THE eurozone’s economic growth is set for another blow in the coming years, as its ageing workforce is a crisis in waiting, the International Monetary Fund (IMF) has warned.
On top of high unemployment and huge debt levels, policymakers could have to deal with tumbling productivity from workers, according to research by the Washington-based fund.
It is already known the number of eurozone retirees compared to people of working age is on track to ballon over the next couple of decades – putting a larger strain on state resources. Continue reading
– BIS warns “unrealistic and dangerous to expect that monetary policy can cure all the global economy’s ills”
– Bank of International Settlements warns that recent turmoil is not caused by isolated incidents
– Debt levels are now so extreme they threaten the financial system
– Ultra low rates have led to mal-investment and bigger boom/bust cycles
– Emerging markets vulnerable to deeper crises
– ECB easy money may juice markets for a while but reckoning is coming
– BIS acknowledge that central banks rig markets
– Gold and silver protect against crises in financial system
In a stark warning, the Bank for International Settlements (BIS), the central bank of central banks, has said in its quarterly report that the turmoil that has shaken global stock markets in recent weeks showed how developed and emerging markets were exposed to the unwinding of financial vulnerabilities built up since the 2008 crisis. Continue reading
China’s debt is still growing faster than its economy
While China’s economic expansion beat analysts’ forecasts in the second quarter, the country’s debt levels increased at an even faster pace.
Outstanding loans for companies and households stood at a record 207 percent of gross domestic product at the end of June, up from 125 percent in 2008, data compiled by Bloomberg show. Continue reading
One of the most important Zero Hedge posts of the last few years was “The “Muddle Through” Has Failed: BCG Says “There May Be Only Painful Ways Out Of The Crisis”” where The Boston Consulting Group (BCG) helped explain how the economic establishment is trying everything to move the system further with ever more cheap money and debt, why this will fail, and the inevitable wealth taxes that will be imposed to refloat the system from the ashes.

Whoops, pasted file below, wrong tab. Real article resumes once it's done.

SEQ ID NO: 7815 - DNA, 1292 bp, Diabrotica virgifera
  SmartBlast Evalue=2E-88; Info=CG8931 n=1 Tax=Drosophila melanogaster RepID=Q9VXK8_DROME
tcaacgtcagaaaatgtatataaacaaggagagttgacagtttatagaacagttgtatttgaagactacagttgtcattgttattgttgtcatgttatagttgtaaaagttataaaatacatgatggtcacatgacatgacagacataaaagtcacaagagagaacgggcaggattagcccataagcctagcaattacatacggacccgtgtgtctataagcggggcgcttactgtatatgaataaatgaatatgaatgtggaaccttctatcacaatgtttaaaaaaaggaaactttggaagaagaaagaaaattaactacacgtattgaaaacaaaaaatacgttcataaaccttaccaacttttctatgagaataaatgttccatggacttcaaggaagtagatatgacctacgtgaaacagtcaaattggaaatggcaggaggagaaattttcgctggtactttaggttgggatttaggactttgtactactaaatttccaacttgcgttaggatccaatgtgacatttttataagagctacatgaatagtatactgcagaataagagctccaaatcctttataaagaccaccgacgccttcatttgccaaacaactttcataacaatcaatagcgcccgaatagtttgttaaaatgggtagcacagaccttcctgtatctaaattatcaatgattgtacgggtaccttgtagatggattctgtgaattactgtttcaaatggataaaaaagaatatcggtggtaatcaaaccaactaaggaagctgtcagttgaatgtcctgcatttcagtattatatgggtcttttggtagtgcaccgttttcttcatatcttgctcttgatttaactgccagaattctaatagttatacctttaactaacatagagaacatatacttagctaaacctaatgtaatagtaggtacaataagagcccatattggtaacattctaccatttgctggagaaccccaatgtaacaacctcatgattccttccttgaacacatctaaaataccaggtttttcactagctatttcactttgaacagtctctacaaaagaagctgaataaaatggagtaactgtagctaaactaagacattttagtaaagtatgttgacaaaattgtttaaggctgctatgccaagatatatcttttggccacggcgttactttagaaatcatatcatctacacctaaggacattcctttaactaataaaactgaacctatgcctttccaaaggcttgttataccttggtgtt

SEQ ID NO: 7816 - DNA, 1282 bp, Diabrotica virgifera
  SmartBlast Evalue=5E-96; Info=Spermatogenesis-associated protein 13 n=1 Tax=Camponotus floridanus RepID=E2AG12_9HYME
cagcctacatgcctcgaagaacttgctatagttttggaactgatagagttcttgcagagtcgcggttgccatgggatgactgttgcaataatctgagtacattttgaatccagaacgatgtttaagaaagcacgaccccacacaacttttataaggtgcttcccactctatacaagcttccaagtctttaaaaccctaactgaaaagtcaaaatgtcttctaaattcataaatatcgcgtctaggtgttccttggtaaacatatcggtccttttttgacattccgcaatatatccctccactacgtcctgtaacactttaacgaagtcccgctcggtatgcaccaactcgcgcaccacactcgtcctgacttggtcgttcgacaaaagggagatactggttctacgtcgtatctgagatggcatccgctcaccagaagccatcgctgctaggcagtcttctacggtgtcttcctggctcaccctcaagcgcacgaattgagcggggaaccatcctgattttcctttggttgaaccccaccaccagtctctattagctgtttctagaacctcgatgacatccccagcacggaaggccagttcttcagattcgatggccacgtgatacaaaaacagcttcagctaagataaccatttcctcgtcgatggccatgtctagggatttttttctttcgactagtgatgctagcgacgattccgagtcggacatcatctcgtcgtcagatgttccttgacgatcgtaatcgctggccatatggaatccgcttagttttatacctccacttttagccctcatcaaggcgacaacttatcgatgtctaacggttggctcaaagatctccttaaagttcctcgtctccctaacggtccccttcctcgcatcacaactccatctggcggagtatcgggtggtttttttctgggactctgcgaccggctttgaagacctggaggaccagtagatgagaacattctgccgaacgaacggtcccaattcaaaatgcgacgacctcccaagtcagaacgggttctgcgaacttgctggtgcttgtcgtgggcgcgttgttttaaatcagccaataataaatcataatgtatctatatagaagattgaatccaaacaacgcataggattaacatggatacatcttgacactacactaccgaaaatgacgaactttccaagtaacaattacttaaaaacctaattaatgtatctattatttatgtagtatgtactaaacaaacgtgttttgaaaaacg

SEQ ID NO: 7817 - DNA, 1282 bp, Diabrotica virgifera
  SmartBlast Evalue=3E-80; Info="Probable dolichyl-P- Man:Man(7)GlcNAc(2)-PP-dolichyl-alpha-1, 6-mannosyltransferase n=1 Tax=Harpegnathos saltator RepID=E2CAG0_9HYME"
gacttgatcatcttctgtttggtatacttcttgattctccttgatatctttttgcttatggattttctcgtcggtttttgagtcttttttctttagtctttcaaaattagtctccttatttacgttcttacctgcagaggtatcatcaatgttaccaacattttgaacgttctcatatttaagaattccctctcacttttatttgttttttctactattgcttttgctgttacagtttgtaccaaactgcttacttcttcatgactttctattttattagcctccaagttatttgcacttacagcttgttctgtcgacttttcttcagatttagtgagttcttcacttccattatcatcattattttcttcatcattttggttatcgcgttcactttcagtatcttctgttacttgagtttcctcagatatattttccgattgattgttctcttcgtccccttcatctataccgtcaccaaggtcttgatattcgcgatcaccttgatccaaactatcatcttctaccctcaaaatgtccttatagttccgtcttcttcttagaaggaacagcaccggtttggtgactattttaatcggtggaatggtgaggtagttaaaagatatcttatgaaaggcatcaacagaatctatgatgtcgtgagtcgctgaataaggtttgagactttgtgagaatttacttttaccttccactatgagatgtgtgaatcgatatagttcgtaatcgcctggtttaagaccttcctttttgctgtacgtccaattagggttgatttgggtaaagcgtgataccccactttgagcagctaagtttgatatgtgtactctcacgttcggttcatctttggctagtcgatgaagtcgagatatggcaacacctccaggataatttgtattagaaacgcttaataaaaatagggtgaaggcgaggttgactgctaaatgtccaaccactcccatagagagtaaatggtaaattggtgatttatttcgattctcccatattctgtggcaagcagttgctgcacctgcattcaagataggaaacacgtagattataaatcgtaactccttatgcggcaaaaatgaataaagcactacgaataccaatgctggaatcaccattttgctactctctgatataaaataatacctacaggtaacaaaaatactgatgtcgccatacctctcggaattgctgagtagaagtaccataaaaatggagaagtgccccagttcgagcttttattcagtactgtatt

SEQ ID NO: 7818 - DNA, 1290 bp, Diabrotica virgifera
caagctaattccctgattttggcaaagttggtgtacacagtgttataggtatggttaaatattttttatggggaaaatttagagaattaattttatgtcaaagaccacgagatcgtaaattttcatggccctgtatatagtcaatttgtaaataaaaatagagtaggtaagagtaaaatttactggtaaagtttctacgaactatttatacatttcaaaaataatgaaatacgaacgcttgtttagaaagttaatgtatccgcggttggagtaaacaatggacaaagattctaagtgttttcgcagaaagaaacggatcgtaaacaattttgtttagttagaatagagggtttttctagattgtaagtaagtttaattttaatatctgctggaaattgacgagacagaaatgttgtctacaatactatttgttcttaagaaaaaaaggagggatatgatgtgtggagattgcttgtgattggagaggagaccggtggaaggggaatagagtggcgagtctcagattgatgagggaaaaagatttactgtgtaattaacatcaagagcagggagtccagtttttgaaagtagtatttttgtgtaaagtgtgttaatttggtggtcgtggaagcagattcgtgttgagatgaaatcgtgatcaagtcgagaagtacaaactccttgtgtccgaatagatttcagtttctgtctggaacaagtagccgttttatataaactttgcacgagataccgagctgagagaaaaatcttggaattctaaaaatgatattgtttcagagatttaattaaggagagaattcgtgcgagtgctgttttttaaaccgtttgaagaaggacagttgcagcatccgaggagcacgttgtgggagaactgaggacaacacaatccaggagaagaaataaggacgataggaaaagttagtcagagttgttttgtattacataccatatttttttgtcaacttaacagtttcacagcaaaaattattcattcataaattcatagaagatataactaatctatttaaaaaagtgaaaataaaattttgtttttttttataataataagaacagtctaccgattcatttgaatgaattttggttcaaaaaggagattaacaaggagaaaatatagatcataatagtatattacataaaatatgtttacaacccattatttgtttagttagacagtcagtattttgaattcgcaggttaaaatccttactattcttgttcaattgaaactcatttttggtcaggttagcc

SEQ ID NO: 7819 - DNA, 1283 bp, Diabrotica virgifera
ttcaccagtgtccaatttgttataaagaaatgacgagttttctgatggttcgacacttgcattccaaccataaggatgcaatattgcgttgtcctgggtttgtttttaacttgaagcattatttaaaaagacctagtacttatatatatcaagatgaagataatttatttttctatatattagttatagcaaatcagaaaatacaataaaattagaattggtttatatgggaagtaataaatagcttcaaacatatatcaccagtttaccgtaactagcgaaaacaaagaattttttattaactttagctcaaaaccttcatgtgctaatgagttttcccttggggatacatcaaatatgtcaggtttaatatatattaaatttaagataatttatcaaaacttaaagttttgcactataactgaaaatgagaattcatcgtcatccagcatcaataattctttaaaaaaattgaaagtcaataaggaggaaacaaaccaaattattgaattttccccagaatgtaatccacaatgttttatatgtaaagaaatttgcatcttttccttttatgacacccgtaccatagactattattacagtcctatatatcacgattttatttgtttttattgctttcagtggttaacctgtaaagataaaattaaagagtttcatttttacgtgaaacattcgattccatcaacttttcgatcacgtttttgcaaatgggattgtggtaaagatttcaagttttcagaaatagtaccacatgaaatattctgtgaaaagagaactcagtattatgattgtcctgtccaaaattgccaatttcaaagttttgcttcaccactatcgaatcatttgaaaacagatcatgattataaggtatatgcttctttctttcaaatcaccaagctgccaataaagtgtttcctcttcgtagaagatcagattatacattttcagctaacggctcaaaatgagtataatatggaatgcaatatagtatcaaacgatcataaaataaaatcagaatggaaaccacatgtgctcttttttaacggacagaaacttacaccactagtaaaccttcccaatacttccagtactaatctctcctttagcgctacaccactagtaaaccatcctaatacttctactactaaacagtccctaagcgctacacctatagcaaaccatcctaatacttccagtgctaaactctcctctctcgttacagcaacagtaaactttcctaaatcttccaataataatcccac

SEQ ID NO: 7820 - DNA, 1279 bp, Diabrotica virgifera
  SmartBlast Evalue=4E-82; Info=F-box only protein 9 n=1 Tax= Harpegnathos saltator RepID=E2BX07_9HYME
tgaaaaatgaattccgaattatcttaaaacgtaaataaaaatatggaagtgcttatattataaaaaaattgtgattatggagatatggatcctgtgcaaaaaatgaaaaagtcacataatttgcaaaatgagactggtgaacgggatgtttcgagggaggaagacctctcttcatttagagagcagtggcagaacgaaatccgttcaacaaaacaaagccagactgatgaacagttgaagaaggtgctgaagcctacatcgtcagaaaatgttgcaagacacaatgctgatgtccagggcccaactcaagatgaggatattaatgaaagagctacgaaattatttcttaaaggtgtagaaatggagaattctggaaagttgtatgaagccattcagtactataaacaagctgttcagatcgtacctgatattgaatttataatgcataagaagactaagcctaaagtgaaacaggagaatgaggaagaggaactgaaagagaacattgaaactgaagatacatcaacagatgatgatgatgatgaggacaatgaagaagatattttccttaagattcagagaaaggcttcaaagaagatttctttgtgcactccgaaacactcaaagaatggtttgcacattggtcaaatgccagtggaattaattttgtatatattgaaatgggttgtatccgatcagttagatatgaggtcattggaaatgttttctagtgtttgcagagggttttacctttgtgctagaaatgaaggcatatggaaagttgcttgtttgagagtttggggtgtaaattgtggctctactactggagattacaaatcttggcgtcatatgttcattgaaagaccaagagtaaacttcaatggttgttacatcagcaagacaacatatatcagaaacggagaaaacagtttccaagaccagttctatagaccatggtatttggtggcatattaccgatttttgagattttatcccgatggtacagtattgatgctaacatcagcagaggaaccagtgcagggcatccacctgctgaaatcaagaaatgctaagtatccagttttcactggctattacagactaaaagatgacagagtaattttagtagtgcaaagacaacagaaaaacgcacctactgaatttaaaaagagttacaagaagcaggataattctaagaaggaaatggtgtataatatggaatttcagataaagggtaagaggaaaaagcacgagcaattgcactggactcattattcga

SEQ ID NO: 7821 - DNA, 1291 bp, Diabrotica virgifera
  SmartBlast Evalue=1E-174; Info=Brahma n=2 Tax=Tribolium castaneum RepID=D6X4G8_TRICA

One of the authors of the infamous “Back to Mesopotamia” report (if 1984 is the instruction manual for political leaders, then this is the instruction manual for monetary leaders) was BCG senior partner Daniel Stetler, now blogger, and author “Debt In The 21st Century” who sees debt and leverage as the main factors driving wealth and inequality – a fact clearly overlooked by Piketty. Continue reading
Lets be absolutely clear: As history has shown us through repetition, there is no such thing as a “one-off” capital levy, which is a fancy and whitewashed term for stealing from the citizens — yet it is spinned in such a way that the people perceive it as their government working hard in their interests. Once the government has confiscated a piece of wealth, it will consider it a test of the public’s patience, and likely do it again. We saw it in Cyprus, Greece, Hungary and Poland the last few years — and these are only examples during modern times. As the economies continue to plunge, they will take more and more until everything has imploded.
(Reuters) – Germany’s Bundesbank said on Monday that countries about to go bankrupt should draw on the private wealth of their citizens through a one-off capital levy before asking other states for help.
The Bundesbank’s tough stance comes after years of euro zone crisis that saw five government bailouts. There have also bond market interventions by the European Central Bank in, for example, Italy where households’ average net wealth is higher than in Germany. Continue reading
China has already made its aim to establish the renminbi as a global currency, possibly even replacing the American dollar as the world’s reserve currency. Recent moves to ramp up the gradual liberalization of the renminbi, which is currently allowed to trade only within a narrow trading band, and other actions suggest that China may be preparing for a major push to establish its currency as a major global reserve currency.
Traditionally speaking, the American dollar has acted as this reserve currency. The dollar is the most widely used currency in the world, and most commodities, such as oil, are priced in dollars. Many countries keep huge dollar reserves on hand to facilitate trade. China, for example, is believed to have some 3.2 trillion dollars worth of reserves. Even the tiny city-state Singapore has over 250 billion dollars in reserves. Continue reading
The International Monetary Fund has exhorted Germany to stop dragging its feet on eurozone crisis measures, refuting claims that austerity is working and that Europe is on the road to recovery.
The IMF said Germany’s vast trade surplus must be slashed in half to rectify the eurozone’s North-South imbalances, and warned that fiscal overkill could abort recovery and set off an EMU-wide chain reaction.
“Fiscal over-performance should be firmly avoided,” said the Fund in its annual health check on the country. Continue reading